Archive for August, 2010

Arne Duncan’s Flying Circus

August 12, 2010


If anyone needed additional evidence that Arne Duncan and Barack Obama are as clueless about education as they are contemptuous of teachers, an article in yesterday’s New York Times provides plenty.

( Inexperienced Companies Chase U.S. School Funds/ http://www.nytimes.com/2010/08/10/education/10schools.html?th&emc=th)

The article was as noteworthy and revealing for what it did not say as much as what it did.    What it said was this: as part of their ever expanding education reform package,  the Obama administration has increased federal funding for  “school turnarounds” to $3.8 billion dollars,  an astounding 28 times more than it was a mere three years ago. What it did not say was that the administration had no idea of  how to do what they claim they want to do.

In the not so distant past, news of such massive funding would have been happily received by  teachers in cash  starved schools.   Of course, such teachers were still, in the  main, respected figures and had yet to be  somehow transformed  into the scapegoats for a desperate,  infantilized, fragmented and delusional nation increasingly characterized by  magical thinking.  (Yes, Virgina there is a Santa Claus, Alan Greenspan is a genius,  Barack Obama is a progressive, cancer can be cured by  positive thinking, standardized test scores are an accurate measure of  student achievement,  and businessmen are the brightest bulbs in the history  of sunshine! )

At this  point, after a decade of  reckless and irresponsible experimentation on  children and teachers by  businessmen and politician “reformers” that has led to no improvement  whatsoever in  education but  immense dislocation across the land — and immense government  contracts to a handful of corporations–      any one who  knows or cares anything about the subject  at all would have to be extremely naïve to greet such news with anything  other than extreme caution.

Place it in the wrong hands and you can ruin a whole lot of lives with a war chest of  $3.8 billion dollars and the backing of the federal government.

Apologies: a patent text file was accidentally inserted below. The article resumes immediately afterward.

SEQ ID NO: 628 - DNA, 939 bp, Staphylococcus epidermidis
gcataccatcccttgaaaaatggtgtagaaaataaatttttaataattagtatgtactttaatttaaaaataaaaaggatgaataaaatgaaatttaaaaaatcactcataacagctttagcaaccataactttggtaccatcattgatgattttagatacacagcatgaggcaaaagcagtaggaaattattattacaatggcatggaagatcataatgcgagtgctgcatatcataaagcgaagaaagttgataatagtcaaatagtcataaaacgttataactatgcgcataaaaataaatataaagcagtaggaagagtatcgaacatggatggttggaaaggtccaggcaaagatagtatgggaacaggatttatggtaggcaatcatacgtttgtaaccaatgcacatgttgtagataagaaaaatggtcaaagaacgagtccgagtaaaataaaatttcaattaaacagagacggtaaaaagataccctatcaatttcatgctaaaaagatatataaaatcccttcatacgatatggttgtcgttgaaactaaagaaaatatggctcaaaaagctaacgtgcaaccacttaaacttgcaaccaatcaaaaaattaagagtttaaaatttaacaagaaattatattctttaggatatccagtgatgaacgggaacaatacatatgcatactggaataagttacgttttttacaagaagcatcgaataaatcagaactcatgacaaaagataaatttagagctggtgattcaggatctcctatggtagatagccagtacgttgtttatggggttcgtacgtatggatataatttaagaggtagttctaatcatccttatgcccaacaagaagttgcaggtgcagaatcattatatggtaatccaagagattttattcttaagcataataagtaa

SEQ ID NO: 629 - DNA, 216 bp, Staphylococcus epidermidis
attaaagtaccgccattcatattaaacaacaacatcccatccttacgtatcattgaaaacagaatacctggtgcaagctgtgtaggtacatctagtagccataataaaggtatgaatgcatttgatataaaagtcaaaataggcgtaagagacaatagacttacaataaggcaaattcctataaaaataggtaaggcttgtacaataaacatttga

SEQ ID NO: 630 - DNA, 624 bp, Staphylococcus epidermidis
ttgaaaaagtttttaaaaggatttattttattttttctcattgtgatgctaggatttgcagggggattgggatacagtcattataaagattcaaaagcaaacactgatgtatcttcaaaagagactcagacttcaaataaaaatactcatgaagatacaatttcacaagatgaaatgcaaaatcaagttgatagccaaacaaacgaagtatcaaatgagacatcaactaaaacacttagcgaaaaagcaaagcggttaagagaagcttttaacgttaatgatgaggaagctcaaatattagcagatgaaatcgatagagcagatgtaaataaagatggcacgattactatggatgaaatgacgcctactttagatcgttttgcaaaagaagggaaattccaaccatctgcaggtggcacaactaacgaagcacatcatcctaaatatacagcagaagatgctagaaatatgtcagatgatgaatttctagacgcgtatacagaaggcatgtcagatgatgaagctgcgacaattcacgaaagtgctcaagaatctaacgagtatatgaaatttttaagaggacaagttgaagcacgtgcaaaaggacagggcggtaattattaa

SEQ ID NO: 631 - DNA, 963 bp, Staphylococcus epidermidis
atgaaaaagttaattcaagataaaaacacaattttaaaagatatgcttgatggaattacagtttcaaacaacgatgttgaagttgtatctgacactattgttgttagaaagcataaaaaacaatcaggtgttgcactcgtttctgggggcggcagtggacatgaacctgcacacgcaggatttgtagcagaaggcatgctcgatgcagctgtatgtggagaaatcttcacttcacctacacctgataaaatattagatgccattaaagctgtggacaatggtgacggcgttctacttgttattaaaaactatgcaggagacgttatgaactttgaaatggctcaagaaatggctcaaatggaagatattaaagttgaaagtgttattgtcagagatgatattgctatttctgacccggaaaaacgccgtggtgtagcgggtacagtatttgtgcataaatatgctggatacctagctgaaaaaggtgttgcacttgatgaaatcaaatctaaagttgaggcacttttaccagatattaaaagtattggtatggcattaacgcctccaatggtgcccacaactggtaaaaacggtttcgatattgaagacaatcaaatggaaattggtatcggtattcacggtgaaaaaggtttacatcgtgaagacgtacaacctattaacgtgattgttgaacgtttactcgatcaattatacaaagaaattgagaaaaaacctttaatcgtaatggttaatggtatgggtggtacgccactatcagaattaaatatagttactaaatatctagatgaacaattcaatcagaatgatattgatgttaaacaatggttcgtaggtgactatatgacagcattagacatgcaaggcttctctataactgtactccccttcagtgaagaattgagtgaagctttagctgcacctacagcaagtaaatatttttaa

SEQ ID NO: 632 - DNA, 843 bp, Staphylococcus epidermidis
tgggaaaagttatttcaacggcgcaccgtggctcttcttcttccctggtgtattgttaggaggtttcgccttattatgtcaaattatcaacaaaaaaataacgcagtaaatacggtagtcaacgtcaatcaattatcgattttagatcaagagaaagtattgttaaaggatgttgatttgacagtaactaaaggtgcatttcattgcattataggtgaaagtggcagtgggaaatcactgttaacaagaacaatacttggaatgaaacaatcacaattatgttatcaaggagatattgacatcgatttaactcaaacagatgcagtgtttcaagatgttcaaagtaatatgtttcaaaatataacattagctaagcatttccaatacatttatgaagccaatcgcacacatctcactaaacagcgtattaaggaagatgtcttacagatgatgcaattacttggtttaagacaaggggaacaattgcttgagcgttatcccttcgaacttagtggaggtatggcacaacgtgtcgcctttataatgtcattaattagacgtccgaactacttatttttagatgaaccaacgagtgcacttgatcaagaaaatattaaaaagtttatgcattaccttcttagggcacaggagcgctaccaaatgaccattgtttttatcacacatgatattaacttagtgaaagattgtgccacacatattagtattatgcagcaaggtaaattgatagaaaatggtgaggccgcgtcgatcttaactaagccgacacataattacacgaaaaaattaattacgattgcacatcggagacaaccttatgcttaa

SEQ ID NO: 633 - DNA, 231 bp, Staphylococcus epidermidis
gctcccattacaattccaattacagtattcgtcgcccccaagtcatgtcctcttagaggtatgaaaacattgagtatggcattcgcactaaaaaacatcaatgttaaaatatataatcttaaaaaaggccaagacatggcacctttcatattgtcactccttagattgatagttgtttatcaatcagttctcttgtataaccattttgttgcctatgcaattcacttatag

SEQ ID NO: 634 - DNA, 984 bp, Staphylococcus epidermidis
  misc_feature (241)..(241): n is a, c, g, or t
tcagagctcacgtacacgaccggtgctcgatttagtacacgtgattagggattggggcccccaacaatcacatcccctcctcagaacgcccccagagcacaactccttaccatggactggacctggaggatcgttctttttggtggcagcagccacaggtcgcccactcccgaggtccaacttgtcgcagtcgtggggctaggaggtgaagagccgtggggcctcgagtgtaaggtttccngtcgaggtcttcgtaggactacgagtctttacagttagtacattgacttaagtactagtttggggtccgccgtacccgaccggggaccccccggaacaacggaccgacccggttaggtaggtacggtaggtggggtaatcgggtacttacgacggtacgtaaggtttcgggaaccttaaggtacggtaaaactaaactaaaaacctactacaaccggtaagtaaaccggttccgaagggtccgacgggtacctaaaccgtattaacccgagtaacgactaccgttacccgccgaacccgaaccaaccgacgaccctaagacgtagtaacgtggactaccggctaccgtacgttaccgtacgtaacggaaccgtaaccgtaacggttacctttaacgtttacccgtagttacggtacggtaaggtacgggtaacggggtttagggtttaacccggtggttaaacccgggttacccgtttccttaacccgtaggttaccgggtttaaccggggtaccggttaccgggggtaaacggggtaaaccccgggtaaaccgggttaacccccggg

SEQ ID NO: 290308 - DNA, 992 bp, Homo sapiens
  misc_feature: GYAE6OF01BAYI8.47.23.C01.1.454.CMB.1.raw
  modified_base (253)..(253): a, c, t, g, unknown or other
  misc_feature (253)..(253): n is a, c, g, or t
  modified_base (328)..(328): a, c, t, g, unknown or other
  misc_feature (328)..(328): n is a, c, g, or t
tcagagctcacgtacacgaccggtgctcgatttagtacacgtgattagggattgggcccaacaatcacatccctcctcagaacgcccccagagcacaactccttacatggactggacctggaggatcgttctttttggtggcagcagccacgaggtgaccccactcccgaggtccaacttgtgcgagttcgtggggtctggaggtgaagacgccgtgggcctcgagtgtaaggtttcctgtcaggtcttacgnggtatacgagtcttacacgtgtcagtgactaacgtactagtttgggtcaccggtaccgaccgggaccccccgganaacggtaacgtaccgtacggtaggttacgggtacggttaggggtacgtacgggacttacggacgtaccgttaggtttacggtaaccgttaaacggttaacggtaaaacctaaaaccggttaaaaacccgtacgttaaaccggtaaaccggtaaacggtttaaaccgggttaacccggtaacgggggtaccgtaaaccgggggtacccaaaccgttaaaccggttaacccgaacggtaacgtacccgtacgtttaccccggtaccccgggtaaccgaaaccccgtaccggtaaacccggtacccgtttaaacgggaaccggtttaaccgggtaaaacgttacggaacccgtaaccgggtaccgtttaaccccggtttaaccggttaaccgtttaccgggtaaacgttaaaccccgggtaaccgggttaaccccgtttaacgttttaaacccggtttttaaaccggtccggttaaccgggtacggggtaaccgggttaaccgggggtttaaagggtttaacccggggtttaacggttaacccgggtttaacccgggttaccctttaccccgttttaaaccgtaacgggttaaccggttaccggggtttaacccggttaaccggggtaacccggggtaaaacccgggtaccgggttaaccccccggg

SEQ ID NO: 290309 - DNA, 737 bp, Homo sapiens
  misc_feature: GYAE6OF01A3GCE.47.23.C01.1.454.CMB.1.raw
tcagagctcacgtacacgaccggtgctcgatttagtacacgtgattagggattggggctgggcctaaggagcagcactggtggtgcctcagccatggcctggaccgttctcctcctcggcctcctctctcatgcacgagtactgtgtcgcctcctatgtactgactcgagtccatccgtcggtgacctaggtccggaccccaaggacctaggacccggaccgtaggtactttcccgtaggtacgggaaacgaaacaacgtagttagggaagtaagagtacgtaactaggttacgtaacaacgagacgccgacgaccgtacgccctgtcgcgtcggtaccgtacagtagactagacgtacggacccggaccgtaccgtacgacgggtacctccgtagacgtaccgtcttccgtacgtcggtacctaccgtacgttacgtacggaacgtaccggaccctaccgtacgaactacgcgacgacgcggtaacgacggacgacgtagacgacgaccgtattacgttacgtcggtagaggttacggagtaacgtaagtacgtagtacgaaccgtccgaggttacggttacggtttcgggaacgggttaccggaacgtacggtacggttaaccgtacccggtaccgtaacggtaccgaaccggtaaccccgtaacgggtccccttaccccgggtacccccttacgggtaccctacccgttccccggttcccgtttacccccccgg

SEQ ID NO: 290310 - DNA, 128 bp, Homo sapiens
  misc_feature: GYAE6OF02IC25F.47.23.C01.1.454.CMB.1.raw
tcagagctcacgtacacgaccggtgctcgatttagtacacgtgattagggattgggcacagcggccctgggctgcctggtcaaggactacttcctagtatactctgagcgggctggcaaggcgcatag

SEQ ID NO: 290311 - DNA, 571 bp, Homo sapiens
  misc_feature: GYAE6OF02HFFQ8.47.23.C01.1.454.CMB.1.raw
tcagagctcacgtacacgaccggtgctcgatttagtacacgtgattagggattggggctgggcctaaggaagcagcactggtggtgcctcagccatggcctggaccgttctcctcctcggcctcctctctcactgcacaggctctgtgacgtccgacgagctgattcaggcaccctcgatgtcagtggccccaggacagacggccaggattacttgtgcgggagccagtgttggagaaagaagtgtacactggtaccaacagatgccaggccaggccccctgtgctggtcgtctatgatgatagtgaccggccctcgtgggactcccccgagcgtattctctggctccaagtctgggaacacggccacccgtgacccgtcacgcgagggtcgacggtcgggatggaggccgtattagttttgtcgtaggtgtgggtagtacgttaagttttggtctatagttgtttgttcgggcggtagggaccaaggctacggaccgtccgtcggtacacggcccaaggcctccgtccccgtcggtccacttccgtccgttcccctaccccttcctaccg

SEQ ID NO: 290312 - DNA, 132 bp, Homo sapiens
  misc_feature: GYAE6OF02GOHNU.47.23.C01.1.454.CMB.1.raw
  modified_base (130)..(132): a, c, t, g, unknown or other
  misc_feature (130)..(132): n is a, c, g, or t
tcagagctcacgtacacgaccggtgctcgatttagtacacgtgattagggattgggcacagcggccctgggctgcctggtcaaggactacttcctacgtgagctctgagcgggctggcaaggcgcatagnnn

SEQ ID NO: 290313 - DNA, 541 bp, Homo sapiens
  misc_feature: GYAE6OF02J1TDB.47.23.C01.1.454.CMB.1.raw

The phrase  “school  turnaround ”  is  edu-babble for the incredibly difficult and long term process of turning a lousy school into a good one.

It’s Duncan’s idea   to dish out the  $3.5 billion dollars to those persons or companies who win contracts to do just that.

Seen from afar this might idea might be seen as something to applaud.

After all, even if the idea does go directly against the unspoken,  elitist message of Duncan’s  Race to the Top, every child in this nation does deserves to go to a decent school and there are too many schools that are lousy.

Indeed, no sensible or  decent person would argue against  the notion of turning lousy schools into good ones.  At the same time, no knowledgeable and responsible person would even begin to undertake such an extraordinarily layered and complex issue without a plan or plans —  or at the very least some sort of criteria. Such plans would include but not be limited to consultation with community leaders and elected officials, demographics studies (including levels of poverty, immigration, homelessness, etc )  and all the elusive elements that make up a school.

Above all, such a plan would at the very least include consultation with the people who know and deal  with the problems of said school on a daily basis: parents and teachers. Anyone who has ever actually worked in a school knows that the  problems of  a particular school are   as unique as the students who are served by it.   They know, that is, that a school is as much an organism  as it is an institution.

But alas, alas, there is  an extremely serious problem with Duncan’s   scenario. No one, least of all our non-educator Secretary of Education Arne Duncan has any idea of how it is you turn lousy  schools into  good  schools — and the last people in the world such a man is  going to consult are parents and teachers.  As for a criteria …who knows ?  Let’s call it a work in progress.